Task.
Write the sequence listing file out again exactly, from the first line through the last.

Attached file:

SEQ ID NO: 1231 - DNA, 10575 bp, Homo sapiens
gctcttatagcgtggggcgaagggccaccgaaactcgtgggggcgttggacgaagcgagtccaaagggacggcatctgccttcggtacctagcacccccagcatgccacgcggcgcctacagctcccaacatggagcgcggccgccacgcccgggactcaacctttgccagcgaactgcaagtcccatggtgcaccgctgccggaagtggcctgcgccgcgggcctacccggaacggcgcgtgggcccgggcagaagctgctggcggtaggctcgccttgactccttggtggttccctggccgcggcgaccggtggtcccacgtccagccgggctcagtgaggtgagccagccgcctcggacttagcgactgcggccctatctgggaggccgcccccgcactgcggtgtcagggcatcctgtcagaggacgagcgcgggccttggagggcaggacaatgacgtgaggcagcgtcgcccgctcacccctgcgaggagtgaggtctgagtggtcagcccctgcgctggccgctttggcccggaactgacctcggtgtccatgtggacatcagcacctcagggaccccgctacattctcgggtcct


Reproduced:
SEQ ID NO: 1231 - DNA, 10575 bp, Homo sapiens
gctcttatagcgtggggcgaagggccaccgaaactcgtgggggcgttggacgaagcgagtccaaagggacggcatctgccttcggtacctagcacccccagcatgccacgcggcgcctacagctcccaacatggagcgcggccgccacgcccgggactcaacctttgccagcgaactgcaagtcccatggtgcaccgctgccggaagtggcctgcgccgcgggcctacccggaacggcgcgtgggcccgggcagaagctgctggcggtaggctcgccttgactccttggtggttccctggccgcggcgaccggtggtcccacgtccagccgggctcagtgaggtgagccagccgcctcggacttagcgactgcggccctatctgggaggccgcccccgcactgcggtgtcagggcatcctgtcagaggacgagcgcgggccttggagggcaggacaatgacgtgaggcagcgtcgcccgctcacccctgcgaggagtgaggtctgagtggtcagcccctgcgctggccgctttggcccggaactgacctcggtgtccatgtggacatcagcacctcagggaccccgctacattctcgggtcct